Quarantine Day 44. The last day of April. The last day of the first full month of self-quarantine.
There’s been a lot of talk about how the world will be forever changed by this pandemic. But, for the most part, I feel like I’ve been fortunate, and privileged, enough to be insulated from its most insidious effects: I don’t have any friends or family whose health has been adversely affected, and my personal finances haven’t been totally destroyed.
During my call yesterday, Tiffany called this out explicitly: we’re all in a bubble. Everyone in our group, and almost everyone in our friend circles are well-educated, gainfully employed in relatively stable, well-paying jobs, and know how to handle stress, adapt, and be resilient. So for the most part, it’s hard for me to really imagine just what and how much change there will be.
The most obvious indicator that I see is the call for rent strikes. Apparently some 11% of Americans didn’t (or couldn’t) pay rent/mortgage in April (with another 13% paying partial rent/mortgage), with an estimated 33% who didn’t pay in time. This is compared to the an average of 4% during “normal times.” The delinquency estimates range, but they all point to a pretty bad picture that’s expected to get worse (since lockdowns didn’t happen en masse until the second half of March).
Now I literally see “Rent Strike” graffiti almost everywhere, and a whole lot more flyers encouraging tenants to raise up. If there’s any change, it’s going to result from a fight between tenant advocacy groups and landlords very soon, with city, county, and state governments refereeing.
Does this personally affect me? At the moment, it doesn’t. But I’m stuck wondering what I should do. I can pay my rent, and I think people who have the means should fulfill financial obligations that they’re contractually bound to. But I also feel for people who don’t have the same means. I’ve already received at least one direct message asking me to participate in a May rent strike (it came after my scheduled payment had already gone through). If this continues through June, I wonder what I’ll do?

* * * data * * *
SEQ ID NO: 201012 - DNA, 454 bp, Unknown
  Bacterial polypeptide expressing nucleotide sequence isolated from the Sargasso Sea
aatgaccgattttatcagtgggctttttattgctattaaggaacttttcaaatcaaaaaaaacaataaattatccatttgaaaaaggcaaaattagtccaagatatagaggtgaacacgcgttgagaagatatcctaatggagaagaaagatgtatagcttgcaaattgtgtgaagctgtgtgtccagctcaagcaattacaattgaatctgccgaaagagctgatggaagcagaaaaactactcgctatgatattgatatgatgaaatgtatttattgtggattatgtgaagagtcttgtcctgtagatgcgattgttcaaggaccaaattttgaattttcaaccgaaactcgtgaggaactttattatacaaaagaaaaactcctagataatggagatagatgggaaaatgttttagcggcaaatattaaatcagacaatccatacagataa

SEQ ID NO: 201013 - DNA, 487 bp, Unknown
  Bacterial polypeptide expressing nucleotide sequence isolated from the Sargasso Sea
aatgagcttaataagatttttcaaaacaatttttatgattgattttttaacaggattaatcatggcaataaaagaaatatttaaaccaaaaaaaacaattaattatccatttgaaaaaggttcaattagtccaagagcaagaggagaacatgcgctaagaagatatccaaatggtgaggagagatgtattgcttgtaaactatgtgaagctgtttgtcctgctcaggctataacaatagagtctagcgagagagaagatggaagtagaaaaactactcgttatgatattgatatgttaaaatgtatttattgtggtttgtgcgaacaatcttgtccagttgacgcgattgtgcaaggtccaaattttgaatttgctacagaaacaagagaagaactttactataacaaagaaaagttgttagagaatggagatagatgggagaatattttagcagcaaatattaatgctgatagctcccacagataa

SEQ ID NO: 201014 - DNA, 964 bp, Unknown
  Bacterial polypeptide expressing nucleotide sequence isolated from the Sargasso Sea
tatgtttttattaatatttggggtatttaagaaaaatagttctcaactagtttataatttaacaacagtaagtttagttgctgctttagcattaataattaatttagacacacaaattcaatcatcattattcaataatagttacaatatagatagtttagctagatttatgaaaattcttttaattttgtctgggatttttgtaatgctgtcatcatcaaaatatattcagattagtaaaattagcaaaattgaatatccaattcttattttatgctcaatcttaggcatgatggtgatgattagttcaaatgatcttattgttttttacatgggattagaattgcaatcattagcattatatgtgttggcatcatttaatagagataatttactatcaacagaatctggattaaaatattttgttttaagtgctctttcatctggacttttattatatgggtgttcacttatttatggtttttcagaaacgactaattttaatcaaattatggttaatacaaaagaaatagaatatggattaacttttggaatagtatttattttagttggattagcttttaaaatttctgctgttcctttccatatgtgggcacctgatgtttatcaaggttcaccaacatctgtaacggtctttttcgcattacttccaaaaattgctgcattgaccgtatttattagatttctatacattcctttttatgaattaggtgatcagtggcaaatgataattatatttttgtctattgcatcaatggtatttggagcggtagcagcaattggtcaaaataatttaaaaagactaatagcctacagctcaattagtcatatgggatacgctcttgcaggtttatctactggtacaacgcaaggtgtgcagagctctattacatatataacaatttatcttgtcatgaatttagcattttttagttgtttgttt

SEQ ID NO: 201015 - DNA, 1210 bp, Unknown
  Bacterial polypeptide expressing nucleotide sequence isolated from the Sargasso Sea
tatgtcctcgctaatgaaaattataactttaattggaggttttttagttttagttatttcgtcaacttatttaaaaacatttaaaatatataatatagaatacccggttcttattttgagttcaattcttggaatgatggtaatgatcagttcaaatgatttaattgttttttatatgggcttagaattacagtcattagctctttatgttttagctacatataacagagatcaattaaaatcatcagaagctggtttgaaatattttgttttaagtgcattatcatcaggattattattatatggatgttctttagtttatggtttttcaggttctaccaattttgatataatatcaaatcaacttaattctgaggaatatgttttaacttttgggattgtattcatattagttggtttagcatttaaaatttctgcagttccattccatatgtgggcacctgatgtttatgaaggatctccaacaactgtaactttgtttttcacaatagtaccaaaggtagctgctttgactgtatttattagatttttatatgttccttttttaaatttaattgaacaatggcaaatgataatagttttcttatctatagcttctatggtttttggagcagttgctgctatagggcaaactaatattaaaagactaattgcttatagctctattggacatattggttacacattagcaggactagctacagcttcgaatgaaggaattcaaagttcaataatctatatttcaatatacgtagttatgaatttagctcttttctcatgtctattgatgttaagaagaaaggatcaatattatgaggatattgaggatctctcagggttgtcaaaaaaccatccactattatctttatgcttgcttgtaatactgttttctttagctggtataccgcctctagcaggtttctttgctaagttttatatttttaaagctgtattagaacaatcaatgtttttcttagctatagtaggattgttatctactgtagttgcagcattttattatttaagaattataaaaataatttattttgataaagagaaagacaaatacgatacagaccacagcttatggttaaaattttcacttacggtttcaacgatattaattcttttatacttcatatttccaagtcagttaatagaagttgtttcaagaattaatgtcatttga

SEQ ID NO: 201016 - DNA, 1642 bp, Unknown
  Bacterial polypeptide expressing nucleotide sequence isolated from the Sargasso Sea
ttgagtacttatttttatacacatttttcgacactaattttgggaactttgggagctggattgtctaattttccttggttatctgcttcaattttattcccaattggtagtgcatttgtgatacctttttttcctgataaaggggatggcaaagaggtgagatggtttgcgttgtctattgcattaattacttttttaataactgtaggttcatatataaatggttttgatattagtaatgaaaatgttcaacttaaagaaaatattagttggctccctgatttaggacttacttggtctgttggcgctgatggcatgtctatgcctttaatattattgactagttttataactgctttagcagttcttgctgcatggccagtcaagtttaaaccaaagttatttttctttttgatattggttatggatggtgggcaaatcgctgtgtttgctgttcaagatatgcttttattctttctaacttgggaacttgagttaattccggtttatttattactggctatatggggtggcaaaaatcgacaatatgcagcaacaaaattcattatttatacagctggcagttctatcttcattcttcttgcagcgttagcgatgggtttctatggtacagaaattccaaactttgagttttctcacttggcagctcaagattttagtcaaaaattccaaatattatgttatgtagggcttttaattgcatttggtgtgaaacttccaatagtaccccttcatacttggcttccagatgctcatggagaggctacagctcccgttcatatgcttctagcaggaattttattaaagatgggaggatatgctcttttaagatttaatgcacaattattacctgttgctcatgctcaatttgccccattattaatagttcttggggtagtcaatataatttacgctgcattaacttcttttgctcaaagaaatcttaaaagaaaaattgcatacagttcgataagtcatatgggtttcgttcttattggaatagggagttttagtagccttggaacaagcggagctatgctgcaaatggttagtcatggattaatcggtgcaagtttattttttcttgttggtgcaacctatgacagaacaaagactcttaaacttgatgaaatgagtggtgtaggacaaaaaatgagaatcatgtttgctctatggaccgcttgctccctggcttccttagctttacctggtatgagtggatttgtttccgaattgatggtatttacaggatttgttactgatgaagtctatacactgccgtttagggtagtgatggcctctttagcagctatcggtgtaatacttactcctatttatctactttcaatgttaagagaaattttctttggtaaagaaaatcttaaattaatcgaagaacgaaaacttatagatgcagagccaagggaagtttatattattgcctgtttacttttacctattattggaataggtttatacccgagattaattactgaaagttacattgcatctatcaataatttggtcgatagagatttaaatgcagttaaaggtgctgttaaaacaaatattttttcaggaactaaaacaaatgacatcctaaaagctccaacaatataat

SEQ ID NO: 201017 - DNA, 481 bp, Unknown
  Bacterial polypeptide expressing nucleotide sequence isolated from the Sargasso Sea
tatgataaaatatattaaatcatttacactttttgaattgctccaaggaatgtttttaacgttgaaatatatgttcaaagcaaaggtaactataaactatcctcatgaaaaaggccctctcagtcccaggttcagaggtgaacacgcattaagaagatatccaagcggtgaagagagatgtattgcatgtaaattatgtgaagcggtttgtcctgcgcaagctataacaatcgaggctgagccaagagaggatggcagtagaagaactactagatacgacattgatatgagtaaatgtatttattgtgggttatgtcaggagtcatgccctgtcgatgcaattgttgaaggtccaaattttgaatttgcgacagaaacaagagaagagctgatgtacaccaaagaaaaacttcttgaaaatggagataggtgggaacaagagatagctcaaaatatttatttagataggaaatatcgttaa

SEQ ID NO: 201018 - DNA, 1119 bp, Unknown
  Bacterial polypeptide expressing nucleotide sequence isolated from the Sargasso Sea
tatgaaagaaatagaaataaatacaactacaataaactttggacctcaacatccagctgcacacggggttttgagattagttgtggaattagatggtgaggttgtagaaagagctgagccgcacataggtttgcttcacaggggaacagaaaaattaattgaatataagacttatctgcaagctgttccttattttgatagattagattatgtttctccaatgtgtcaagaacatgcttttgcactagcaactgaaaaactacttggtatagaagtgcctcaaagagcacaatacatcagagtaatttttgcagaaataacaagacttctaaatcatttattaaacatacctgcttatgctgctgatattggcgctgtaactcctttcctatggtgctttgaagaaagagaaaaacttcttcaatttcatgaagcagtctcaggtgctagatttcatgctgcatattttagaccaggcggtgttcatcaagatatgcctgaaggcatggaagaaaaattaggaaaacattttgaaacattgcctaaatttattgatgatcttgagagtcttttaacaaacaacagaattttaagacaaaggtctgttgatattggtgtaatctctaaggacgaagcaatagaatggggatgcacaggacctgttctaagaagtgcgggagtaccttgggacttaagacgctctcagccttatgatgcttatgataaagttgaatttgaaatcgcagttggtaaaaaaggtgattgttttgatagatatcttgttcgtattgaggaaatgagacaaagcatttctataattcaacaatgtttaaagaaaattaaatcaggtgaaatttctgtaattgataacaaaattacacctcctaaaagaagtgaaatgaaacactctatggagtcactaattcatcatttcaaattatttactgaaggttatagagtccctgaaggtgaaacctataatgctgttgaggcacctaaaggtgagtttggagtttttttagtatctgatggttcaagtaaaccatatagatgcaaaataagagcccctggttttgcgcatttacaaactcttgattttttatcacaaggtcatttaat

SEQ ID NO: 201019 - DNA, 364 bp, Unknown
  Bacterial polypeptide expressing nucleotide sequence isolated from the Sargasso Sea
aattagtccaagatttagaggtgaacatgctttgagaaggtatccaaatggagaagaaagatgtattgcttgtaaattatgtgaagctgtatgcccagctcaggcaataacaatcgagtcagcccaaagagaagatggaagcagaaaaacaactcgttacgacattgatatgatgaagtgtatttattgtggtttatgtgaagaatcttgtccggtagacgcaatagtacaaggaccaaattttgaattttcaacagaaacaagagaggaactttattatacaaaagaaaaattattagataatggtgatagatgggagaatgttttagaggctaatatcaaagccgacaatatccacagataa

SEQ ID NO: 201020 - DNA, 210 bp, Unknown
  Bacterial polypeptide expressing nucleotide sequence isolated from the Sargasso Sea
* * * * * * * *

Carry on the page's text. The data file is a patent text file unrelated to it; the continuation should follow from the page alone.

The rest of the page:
Specifically — “What will happen May 1?” addresses the situation in Berkeley, and incidentally quotes the owner of my apartment’s property management company. To encourage people to pay on time, the company’s giving everyone a 5% discount on rent. Personally, I think it’s having the effect that they want; in the article, they mention that 95% of people paid on time in April (well above the national average). I wonder what that stat will be in May…
There were four other events of note today.
First, I had another 1-1 with my manager today. I wanted to review my V2MOM (basically my goals for the next year) in more detail, ask more questions about the direction of the team (and especially around recent reorgs), and get more detailed feedback.
As with Monday’s 1-1, we were aligned on how I could make the most impact on the team. I’ll be
- continuing all the production-grade research and engineering work that I’ve been delivering on this past year.
- helping colleagues and other teams get to that same level by managing a lot more cross-team knowledge-sharing and individual mentoring.
- spearheading a more robust and coordinated internal machine learning ecosystem, while improving our agile implementation. All things that I want to do!